Aflac duck voice is up for grabs as insurance company begins accepting submissions from public. But is Aflac duck voice really 'America's best job?'
Aflac Inc. will begin accepting submissions on Wednesday in the search for someone to replace Gilbert Gottfried, who was ousted last week after voicing the duck for more than 10 years because he made insensitive remarks on Twitter about the earthquake and tsunami in Japan.
Rather than hire another celebrity voice right away, Aflac decided solicit submissions from the general public, said Chief Marketing Officer Michael Zuna.
Anyone interested will be able to submit a 30-second audio or video file belting their best version of the Aflac duck's signature "Aflac" squawk at www.quackaflac.com. The company wants to hear interpretations of the character that may be different from Gottfried's, Zuna said.
A 2006 ad featuring the Aflac duck in a silent movie — without Gottfried's voice or any dialogue at all — was re-edited to promote the talent search and will begin airing Wednesday. It points users to contest details on the Aflac Duck's Facebook page.
Aflac is also posting a job description on Monster.com that includes the following job responsibility:
"Translates complex messages into a single word that tells people, 'Aflac is the insurance company that they can count on in their time of need.'"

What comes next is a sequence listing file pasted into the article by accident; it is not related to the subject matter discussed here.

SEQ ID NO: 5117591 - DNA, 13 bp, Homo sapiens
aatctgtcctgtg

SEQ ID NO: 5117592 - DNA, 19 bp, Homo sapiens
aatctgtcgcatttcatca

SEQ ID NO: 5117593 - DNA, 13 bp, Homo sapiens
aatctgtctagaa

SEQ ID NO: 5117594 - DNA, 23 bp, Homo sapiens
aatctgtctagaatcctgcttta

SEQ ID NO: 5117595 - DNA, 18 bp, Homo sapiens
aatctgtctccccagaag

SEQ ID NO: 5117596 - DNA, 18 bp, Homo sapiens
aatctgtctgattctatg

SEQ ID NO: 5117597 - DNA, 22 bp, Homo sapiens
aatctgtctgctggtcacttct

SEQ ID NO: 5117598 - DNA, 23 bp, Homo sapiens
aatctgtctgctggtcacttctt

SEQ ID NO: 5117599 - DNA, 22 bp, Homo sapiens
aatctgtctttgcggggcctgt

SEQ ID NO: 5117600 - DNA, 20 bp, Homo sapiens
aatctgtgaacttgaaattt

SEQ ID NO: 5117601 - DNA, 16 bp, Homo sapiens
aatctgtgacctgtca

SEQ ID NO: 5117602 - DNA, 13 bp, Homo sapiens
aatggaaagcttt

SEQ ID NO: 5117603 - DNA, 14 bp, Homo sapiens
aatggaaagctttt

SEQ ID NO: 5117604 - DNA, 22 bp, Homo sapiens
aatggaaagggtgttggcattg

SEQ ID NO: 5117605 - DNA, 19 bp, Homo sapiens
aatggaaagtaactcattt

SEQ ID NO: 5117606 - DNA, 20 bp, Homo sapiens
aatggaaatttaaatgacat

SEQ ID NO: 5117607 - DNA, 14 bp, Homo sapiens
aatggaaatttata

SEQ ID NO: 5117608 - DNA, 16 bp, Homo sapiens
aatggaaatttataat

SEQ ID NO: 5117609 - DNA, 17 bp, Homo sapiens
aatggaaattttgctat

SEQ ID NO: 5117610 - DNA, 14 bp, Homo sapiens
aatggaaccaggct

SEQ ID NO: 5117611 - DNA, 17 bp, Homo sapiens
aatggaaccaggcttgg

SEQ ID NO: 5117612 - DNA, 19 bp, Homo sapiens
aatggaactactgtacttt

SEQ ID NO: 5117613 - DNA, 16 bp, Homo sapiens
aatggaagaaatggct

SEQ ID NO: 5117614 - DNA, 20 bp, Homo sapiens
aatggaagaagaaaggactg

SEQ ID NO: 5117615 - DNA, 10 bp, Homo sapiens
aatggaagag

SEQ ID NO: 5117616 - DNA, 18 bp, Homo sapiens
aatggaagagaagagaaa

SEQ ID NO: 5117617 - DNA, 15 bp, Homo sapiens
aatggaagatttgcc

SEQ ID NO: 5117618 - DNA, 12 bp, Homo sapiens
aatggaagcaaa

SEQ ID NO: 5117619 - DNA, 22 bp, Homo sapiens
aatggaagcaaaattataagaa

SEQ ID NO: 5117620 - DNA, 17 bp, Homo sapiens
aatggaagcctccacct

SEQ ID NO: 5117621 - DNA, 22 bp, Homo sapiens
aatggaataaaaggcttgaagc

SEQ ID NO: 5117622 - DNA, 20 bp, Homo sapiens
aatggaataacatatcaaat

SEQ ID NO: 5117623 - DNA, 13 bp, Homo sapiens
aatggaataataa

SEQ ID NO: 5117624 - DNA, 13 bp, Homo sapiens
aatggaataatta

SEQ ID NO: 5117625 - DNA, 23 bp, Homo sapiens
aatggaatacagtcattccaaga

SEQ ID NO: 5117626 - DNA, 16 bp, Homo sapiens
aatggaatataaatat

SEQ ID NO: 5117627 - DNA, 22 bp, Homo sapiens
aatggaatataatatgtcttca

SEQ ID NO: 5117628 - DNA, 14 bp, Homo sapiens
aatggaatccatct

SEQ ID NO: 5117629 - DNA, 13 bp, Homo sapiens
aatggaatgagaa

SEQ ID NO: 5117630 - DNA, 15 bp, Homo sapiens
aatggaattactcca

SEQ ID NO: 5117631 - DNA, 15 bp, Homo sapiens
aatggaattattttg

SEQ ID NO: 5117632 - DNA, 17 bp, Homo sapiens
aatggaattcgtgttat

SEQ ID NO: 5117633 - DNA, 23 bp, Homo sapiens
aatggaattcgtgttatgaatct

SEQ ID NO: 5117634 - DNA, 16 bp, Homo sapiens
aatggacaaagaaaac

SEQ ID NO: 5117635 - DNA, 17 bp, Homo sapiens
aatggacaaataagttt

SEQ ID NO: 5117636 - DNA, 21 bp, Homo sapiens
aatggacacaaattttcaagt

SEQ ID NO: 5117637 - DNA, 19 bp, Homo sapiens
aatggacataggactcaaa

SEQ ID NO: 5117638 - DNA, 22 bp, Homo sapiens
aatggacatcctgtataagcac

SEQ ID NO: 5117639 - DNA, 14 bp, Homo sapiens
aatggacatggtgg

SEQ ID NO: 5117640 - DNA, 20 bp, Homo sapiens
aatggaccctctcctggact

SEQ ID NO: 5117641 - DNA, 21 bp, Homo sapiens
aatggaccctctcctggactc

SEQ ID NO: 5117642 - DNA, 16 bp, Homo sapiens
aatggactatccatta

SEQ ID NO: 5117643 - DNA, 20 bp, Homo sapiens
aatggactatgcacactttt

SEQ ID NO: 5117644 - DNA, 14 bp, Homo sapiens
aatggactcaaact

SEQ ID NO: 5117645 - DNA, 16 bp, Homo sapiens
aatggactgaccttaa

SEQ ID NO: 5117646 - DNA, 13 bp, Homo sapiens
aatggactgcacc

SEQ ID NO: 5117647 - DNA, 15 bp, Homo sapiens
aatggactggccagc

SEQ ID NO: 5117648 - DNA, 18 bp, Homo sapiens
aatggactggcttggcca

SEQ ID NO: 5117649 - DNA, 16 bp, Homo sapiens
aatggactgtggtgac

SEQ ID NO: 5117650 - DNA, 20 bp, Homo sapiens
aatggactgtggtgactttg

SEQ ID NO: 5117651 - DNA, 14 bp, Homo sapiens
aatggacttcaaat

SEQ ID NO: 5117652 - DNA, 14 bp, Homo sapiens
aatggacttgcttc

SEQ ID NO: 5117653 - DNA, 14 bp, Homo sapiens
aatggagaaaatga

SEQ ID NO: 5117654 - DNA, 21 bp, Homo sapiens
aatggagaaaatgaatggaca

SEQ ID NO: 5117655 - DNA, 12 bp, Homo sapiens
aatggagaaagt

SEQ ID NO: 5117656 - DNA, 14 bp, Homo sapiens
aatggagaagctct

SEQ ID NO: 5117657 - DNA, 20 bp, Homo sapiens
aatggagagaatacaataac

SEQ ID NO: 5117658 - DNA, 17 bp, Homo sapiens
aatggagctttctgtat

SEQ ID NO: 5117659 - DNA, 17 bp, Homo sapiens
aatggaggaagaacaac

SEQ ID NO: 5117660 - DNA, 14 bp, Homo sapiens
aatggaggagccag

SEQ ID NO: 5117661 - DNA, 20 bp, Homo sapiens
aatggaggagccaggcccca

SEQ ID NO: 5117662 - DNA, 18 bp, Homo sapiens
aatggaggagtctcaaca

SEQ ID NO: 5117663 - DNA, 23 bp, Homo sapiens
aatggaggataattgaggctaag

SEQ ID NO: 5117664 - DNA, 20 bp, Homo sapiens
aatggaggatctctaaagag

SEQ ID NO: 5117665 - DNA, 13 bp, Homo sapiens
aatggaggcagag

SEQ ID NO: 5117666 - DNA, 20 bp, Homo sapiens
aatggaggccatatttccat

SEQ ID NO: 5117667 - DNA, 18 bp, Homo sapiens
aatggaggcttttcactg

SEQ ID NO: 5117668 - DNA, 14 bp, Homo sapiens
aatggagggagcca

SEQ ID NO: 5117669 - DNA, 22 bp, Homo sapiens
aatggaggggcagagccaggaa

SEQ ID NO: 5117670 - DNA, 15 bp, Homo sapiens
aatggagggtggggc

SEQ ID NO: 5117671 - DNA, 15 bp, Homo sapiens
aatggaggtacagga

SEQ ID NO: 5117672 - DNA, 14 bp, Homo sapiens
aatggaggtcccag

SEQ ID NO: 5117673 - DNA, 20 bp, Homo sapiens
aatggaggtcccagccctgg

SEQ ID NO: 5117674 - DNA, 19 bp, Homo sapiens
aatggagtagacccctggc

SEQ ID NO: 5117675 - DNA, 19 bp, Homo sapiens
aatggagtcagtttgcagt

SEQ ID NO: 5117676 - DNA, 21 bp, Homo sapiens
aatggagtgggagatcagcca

The submission deadline is midnight on April Fool's Day. Aflac plans live auditions in six markets including New York and Los Angeles. It expects to air the first ad with the new voice, to be created by its longtime agency, The Kaplan Thaler Group, on April 22.
Although Aflac is throwing the field open, Zuna said the company isn't ruling out using a celebrity.
"We're considering anyone and everyone," he said. "We're looking for the best voice."
Gottfried voiced the Aflac duck for 11 years. About 75 percent of Aflac's revenue comes from Japan, where the supplemental insurer's ads feature a less abrasive voice performed by a different actor.
Aflac said last week that Gottfried's jokes did not represent the feelings of the company. It previously donated 100 million yen ($1.2 million) to the International Red Cross for disaster assistance.